By Michael McQuillan
Never during my youthful McGovern campaigning or as I lobbied in Washington against Nixon’s Vietnam escalation did I dream that our nation’s concurrent crises would surround my adulthood.
Systemically racist policing, the Coronavirus pandemic, western wildfires, and southern hurricanes plague us, with a despotic preening and negligent President.
“Running into death just like soldiers running into bullets is a beautiful thing to see,” Forbes reported Trump said of doctors and nurses in a May 15th, 2020, visit a medical equipment distribution facility in Pennsylvania. Exerting Federal force at Lafayette Square and in Portland gives license to white supremacist militias. It recalls the Ohio National Guard’s Nixon-era fatal shootings of white Kent State students and police killings of Black students at Mississippi’s Jackson State days later.
“Donald Trump flirts with treason,” said Senator Elizabeth Warren this week. “I’m worried that he’ll refuse to step down in defeat,” Senator Bernie Sanders warned. “Quite frankly, the President doesn’t understand the country he governs,” author Bob Woodward piped in.
Will they do more than confirm what we know?
A bully defied, dissembles. “Meet me at three o’clock if you don’t like it,” one dared in ninth grade as I cringed at his taunts but agreed. Students flooded the yard where we circled without throwing punches. We tussled lightly till kids pulled us apart, our issues resolved.
Public figures wring hands at tyranny. House Democrats chose Trump’s Ukraine phone call, an arcane rationale, for impeachment that failed to convict – while obstruction of justice, constitutional violations and abuse of power, the Nixon impeachment articles, applied.
The House Judiciary Committee Chair Jerry Nadler as a youthful insurgent co-founded the Community Free Democrats on Manhattan’s Upper West Side. Complacent in his fifteenth term, he states policy concerns in letters to Cabinet agencies, his newsletter says.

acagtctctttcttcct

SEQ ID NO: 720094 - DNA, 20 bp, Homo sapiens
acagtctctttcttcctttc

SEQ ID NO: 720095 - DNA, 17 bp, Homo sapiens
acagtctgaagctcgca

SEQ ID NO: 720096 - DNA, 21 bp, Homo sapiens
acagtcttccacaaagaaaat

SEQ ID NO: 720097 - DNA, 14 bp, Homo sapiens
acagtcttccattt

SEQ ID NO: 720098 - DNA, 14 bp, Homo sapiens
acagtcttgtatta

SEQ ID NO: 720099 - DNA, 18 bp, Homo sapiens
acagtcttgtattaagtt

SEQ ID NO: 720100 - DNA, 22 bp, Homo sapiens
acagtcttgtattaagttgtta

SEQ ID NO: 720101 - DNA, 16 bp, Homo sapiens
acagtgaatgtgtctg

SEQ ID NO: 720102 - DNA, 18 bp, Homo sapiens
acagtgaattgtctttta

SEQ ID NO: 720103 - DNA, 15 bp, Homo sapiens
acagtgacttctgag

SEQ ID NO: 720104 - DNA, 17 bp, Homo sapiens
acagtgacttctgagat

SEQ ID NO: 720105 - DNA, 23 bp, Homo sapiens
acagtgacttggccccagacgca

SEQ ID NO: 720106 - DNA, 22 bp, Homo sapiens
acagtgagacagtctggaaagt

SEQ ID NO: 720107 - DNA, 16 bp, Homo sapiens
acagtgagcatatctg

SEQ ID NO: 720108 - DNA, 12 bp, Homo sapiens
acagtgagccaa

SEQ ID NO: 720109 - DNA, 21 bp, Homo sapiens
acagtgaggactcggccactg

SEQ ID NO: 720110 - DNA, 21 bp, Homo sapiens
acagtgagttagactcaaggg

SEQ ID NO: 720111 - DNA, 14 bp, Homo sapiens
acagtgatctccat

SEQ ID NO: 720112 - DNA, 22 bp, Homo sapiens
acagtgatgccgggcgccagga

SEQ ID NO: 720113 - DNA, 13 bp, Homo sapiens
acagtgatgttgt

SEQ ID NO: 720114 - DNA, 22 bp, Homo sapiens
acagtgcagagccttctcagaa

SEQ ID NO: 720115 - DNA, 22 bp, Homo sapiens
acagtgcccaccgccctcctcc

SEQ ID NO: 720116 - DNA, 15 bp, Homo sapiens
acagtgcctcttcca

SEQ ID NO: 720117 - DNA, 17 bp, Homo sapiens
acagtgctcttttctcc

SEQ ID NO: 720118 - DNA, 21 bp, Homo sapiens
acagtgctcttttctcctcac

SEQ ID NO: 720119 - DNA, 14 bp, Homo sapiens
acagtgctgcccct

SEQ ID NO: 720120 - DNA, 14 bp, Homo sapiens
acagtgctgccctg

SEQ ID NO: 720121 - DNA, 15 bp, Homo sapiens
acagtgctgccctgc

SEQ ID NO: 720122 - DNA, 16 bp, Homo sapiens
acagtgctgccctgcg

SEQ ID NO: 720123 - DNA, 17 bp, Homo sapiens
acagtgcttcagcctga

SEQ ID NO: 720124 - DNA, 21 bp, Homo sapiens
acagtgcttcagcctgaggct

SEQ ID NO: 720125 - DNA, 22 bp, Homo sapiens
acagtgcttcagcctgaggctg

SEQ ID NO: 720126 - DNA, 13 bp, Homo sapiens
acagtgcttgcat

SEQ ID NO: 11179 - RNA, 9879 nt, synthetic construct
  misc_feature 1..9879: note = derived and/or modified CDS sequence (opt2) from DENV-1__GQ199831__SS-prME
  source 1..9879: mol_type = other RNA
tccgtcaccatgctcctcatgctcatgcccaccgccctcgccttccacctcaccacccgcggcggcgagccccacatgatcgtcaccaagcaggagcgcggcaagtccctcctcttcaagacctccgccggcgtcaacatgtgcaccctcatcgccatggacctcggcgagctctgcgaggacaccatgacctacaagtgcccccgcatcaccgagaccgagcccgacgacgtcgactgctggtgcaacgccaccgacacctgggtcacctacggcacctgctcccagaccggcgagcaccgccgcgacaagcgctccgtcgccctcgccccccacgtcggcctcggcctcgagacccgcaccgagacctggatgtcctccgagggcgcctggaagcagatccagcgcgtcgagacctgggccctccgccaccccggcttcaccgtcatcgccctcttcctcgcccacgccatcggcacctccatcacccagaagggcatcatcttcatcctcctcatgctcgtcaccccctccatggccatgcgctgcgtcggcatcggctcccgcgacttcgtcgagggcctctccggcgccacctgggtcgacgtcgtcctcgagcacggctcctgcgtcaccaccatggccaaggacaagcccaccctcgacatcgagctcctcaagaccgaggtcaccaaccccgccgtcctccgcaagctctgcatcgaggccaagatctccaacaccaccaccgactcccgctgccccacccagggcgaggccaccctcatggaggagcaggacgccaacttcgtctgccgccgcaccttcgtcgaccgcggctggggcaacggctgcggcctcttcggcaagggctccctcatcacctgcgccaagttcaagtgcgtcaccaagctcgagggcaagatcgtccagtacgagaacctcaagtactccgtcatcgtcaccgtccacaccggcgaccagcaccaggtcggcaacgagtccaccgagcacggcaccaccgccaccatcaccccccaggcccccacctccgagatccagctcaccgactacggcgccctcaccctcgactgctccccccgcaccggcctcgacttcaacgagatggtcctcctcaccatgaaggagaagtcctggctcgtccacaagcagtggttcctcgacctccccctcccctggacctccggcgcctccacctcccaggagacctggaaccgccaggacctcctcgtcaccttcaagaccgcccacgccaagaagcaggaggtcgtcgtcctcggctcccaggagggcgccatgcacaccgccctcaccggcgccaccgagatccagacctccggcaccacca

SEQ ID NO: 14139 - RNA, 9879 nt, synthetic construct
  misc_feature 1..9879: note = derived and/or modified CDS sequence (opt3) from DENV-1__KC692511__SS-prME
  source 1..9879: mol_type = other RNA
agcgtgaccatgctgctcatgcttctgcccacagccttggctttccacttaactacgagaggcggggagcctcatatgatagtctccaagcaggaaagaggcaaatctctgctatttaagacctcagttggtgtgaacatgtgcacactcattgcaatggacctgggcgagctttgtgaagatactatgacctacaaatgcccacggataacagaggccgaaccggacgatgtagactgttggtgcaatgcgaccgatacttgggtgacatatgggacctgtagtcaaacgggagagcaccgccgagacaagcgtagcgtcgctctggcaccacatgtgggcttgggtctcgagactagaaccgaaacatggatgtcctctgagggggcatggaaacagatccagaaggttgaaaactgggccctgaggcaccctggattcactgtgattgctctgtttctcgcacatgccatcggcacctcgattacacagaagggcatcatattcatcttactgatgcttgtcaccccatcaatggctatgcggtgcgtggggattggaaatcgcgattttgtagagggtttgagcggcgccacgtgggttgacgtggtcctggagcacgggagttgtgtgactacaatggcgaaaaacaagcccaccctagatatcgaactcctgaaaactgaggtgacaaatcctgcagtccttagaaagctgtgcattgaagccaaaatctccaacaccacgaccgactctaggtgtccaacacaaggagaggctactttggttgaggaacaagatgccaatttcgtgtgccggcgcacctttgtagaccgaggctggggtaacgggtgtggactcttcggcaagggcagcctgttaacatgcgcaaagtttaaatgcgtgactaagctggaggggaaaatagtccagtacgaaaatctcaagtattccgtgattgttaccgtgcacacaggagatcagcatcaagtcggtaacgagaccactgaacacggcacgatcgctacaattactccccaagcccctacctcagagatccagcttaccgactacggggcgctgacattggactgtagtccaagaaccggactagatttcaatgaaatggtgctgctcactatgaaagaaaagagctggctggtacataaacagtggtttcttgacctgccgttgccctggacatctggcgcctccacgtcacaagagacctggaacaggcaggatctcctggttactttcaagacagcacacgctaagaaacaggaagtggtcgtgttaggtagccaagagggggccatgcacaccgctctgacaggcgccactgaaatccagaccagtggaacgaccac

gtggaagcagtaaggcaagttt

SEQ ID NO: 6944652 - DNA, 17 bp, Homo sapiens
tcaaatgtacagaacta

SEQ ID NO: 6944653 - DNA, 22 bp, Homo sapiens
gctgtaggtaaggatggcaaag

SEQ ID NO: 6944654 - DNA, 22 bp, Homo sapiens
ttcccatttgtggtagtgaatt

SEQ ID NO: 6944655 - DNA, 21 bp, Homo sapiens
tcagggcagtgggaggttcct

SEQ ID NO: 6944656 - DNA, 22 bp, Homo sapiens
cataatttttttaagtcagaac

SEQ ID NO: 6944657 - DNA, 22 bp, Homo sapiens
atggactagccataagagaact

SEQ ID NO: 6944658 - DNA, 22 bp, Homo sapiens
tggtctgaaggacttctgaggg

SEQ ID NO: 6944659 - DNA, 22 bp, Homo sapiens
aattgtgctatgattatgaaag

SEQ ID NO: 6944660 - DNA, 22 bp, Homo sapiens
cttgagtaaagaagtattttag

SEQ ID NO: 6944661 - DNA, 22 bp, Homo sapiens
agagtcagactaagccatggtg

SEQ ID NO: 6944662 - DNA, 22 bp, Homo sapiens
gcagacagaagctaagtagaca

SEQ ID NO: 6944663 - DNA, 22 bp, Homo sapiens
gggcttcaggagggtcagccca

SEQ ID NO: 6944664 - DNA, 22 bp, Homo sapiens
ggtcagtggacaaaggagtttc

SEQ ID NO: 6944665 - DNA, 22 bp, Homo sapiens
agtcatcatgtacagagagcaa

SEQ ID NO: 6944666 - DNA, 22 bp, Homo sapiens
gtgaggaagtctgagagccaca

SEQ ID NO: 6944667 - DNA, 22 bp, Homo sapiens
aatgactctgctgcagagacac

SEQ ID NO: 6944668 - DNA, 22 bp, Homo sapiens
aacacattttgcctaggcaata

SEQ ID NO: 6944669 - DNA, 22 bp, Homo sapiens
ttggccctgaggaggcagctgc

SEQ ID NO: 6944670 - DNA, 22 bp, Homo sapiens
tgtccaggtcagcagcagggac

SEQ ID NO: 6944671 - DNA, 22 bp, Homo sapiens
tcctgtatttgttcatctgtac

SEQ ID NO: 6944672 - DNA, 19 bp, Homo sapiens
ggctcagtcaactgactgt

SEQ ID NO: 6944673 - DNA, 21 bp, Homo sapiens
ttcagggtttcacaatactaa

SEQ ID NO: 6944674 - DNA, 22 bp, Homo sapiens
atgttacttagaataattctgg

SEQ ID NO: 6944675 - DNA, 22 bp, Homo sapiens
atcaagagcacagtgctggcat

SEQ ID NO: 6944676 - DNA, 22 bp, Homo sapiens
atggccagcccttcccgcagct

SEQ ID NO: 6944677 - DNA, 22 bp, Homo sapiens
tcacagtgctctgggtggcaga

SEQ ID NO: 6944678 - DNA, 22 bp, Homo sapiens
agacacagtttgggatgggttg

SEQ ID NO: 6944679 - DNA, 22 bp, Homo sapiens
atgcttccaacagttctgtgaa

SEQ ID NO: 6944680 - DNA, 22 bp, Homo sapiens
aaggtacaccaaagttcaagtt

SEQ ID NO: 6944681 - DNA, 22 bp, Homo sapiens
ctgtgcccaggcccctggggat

“We’re going to force issues with the Justice Department by withholding the budget for Attorney General Barr’s office expenditures,” Nadler lately told MSNBC’S, Rachel Maddow. What took so long?
He won’t meet with me, a constituent when he visits the district since his office says, “he’s so busy.”
I cringe when former Vice President Joe Biden, a decent man past his prime, speaks on television; will his weakness cost vital support? On the bridge with our captain, we wonder what’s ahead: a faux vaccine as Trump’s “October Surprise”? The Proud Boys barring Blacks from voting? A “rally ’round the flag” intervention abroad? Those wild cards lie on Trump’s desk as Vladimir Putin inserts Russian meddling.
“What he had been unable to achieve for himself, his ‘friends’ in high places had achieved for him, a man with no credentials for running a sophisticated state-machine, practically his sole qualification the ability to muster the support of the nationalist masses whose base instincts he showed an unusual talent for a rousing,” British historian Ian Kershaw wrote in his Adolph Hitler biography. It’s a chilling insight into how we got here.
The late George McGovern served eighteen years in the Senate. His antiwar Vietnam stance and his intention to restore a peacetime economy are models we should heed to halt what the military-industrial complex and corporate wealth’s intrusions into politics wrought: the industrial world’s largest (and still growing) income inequality plus 211,000 (and still counting) pandemic dead.
Municipal governments across our country, meanwhile and under the radar, paid $300 million in taxpayer funds in 2019 to settle civil suits in fatal police shooting cases before this year’s death sequence. 3 of 98 officers involved were charged with crimes. How many of our homeless, ill, or unemployed, could such funds have helped?
Republicans are desperate to reverse Roe v Wade and Obamacare as Trump’s polling declines push to replace Justice Ruth Bader Ginsburg before the election, putting lives at risk.
It’s hard to feel hopeful. Biden’s Gettysburg speech made my day.
“The resilience of the human spirit is an amazing thing,” my college friend Phil Handleman points out, adding that “if each of us can be a beacon of hope, projecting light into the darkness, it may have a salutary effect over time, perhaps bringing us back from the abyss.” Phil and I organized McGovern phone banks and rally crowds as Washington University in St. Louis students, volunteering at the 1972 Democratic National Convention in Miami Beach. We marched through winter’s mud and frost in Washington, DC against Nixon’s 1973 post- Watergate inauguration, then personally urged Senators to block Nixon’s plan to terrorize North
Vietnamese civilians by bombing dikes to flood the land.
We’re old enough to have a long view of history, affirming Phil’s inference that all of us have innate leadership capacities. It reminds that progress on civil rights derived more from direct action than electoral politics. That’s worth recalling as a Presidential vote of high stakes but uncertain outcome approaches.
Photo Credit: Michael McQuillan.
Michael McQuillan, former US Senate aide, and Peace Corps Volunteer, for 19 years taught history. He writes often for the History News Network and Harlem World.
Disclaimer: The opinions, beliefs, and viewpoints expressed do not necessarily reflect the opinions, beliefs, and viewpoints of Harlem World Magazine.